English teaching for ethnic minority
Sapa O'Chau Social Enterprise

Sapa O'Chau Social Enterprise

English teaching for ethnic minority Sapa, Viet Nam Sapa O'Chau Social Enterprise Non-profit | Sapa O'Chau Social Enterprise
This volunteer program is an opportunity to engage with the local disadvantaged minority youth of North Vietnam through volunteering as a basic English teacher.

1 Project review of Sapa O'Chau Social Enterprise

Project Details

Award-winning Social Enterprise organizing Trekking, Homestay, Cafe, Hmong Handicraft and Hotel for Community Development.

Many people who visit Sapa become inspired to give something back. With the help of four Australian volunteers, Shu Tan, a young single mother from the Black Hmong tribe, was able to turn her dream of helping her people into a reality. Working together, they funded the first Hmong owned homestay in Sapa and established a socially conscious trekking service. Running on the social enterprise blueprint, Sapa O’Chau put the money earned back into the community through projects such as providing winter clothes to children and improvements to the village schools.

Later, Shu decided to tackle the problem of illiteracy among Sapa’s young tour guides and street vendors, many of whom never had the chance to go to school. With the help of a Norwegian anthropology student, she organized informal English night classes for a small group of enthusiastic youths in a room provided by a local hotel. As these Sapa O’Chau classes grew in popularity, so did the need for more facilities. In the summer of 2010, the Sapa O’Chau boarding facility opened.

Sapa O’Chau Today

Today, Sapa O’Chau runs on the same social enterprise principles on which it was founded: working hard and giving back to Sapa and all ethnic minorities. It is made up of five inter-connected pieces: the boarding facility, the hotel, café, the Hmong handicraft store and the tour operation. These are administered by our dedicated Founder and Director who is in Forbes Vietnam's 2016 30 Under 30. Numerous partners in Sapa and beyond also provide much-needed support.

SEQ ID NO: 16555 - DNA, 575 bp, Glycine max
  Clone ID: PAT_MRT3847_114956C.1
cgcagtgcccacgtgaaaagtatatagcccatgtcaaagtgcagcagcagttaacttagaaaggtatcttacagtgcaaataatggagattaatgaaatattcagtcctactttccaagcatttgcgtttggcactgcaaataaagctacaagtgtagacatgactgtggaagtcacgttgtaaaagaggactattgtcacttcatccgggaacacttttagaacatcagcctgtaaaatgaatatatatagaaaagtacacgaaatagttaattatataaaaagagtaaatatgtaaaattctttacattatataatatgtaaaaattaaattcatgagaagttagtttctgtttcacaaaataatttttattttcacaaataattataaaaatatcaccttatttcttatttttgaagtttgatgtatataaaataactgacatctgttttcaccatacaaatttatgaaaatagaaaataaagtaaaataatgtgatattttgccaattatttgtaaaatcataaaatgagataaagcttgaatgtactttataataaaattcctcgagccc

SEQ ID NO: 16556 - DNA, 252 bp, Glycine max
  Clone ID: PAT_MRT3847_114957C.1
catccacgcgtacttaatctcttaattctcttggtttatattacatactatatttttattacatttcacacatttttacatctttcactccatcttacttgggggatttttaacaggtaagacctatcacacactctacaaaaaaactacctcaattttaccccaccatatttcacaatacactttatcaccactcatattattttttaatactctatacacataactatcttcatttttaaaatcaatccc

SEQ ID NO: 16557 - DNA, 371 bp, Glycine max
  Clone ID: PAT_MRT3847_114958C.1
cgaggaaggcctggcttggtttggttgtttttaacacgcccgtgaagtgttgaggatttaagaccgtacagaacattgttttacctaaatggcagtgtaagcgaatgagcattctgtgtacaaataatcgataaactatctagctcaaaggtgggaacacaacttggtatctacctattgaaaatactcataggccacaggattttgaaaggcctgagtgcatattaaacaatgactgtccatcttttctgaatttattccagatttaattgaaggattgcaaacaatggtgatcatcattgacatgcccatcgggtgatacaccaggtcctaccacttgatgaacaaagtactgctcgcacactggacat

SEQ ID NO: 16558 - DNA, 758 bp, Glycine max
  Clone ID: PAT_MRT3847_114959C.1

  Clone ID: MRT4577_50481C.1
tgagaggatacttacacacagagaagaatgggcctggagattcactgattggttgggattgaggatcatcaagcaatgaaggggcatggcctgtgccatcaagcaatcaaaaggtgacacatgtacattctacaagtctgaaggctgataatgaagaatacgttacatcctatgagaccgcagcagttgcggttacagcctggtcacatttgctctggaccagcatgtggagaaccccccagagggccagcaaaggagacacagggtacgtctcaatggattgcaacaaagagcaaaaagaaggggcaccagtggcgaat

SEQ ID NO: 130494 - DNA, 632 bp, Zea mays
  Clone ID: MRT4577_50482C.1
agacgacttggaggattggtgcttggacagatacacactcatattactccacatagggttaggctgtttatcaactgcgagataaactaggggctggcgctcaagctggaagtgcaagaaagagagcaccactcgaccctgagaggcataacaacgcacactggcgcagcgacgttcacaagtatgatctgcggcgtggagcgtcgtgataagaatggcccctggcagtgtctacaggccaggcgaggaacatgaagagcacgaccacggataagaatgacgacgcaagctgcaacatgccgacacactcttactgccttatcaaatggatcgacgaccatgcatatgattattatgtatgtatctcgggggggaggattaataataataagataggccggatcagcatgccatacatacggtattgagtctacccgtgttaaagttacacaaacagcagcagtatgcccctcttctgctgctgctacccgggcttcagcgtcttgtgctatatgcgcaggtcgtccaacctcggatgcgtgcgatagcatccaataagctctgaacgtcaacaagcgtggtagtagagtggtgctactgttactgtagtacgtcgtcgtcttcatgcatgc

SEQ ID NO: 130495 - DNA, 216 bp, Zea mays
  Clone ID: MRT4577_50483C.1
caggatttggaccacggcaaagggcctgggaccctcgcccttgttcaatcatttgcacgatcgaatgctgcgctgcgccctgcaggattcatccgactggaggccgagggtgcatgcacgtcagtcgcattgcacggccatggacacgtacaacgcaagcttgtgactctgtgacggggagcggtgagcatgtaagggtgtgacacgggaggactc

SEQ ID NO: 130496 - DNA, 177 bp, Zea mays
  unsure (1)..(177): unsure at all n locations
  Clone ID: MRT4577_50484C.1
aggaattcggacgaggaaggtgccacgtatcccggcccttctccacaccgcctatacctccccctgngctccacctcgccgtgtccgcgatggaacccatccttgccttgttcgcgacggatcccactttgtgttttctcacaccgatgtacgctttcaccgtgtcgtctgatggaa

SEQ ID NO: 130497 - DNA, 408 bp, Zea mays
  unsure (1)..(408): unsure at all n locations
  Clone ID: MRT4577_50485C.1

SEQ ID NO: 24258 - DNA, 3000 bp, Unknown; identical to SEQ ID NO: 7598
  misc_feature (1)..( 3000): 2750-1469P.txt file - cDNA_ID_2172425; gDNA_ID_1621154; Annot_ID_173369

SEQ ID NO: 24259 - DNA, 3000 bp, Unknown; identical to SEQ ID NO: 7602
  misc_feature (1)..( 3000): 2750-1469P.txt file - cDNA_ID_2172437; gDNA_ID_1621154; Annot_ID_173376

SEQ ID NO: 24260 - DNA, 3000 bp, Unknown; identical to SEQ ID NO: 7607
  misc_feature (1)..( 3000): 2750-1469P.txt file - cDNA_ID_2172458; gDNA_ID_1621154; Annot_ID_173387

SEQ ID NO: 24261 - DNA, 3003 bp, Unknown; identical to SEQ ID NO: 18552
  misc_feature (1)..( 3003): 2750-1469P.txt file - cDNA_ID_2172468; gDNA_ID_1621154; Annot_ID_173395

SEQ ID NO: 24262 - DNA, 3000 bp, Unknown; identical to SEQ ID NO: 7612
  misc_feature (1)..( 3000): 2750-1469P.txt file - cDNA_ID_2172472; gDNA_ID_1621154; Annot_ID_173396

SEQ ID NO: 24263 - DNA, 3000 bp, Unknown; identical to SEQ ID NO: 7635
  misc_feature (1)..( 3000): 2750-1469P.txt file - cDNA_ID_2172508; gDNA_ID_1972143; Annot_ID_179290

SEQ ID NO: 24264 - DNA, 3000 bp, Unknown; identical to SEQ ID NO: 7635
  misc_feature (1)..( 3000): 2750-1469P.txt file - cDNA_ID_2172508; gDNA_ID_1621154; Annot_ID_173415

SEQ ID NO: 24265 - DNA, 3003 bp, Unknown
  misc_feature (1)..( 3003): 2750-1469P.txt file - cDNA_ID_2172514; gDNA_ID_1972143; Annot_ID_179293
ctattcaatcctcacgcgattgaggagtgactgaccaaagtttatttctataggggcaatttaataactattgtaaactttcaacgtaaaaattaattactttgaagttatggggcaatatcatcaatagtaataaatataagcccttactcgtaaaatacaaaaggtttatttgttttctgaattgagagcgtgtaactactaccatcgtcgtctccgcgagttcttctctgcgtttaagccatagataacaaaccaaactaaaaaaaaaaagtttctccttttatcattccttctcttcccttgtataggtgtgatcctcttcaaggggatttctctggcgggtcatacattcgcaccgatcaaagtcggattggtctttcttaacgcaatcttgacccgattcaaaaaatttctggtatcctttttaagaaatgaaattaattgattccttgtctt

The roadmap shows Sapa O'Chau beneficiaries and the effects it has on its beneficiaries. The direct beneficiaries are trekking guides, homestay owners, high school students, vocational students, craftswomen, and volunteers. These are driven by the trekking operations, hotel operations, cafe operations and Hmong handicraft workshop. Sapa O'Chau is trying to get ethnic minority high school age students back to school using a holistic approach. When the children attend school, the family will need to hire extra help for the farm. Hence, if Sapa O'Chau creates job opportunities for parents of these children, more children can attend school. These students can have better job opportunities after completing higher education. The land is not as fertile due to the erosion of nutrients as rain washes them down the steep slopes where the crops are cultivated. The land is being divided into smaller and smaller portions as land is handed down from father to sons. What choice do they have?

The main focus of the project is on
NPO Status
Yes, registered non-profit organization
Foundation Year
4
Contact Person
Pam Tan
Spoken Languages
English

Social Impact

Since starting Sapa O'Chau we have helped 10 students to graduate University, educated approximately 30 students with enough English to gain employment as a local tour guide, 25 more students are still studying at different universities around Vietnam and another 55 students currently board free at the Sapa O'chau school where they receive free education and are provided with all necessary items such as meals, toiletries, and clothing.

Additional, we have been able to assist many local people in building a homestay which, provides them with a more sustainable income to support themselves and a foundation towards a better quality of life. 

All of the students we help come from the local disadvantaged minority communities. These students are provided with education and employment opportunities that they otherwise would not be able to access or afford due to their vulnerable circumstances.
Pursued Sustainable Development Goals
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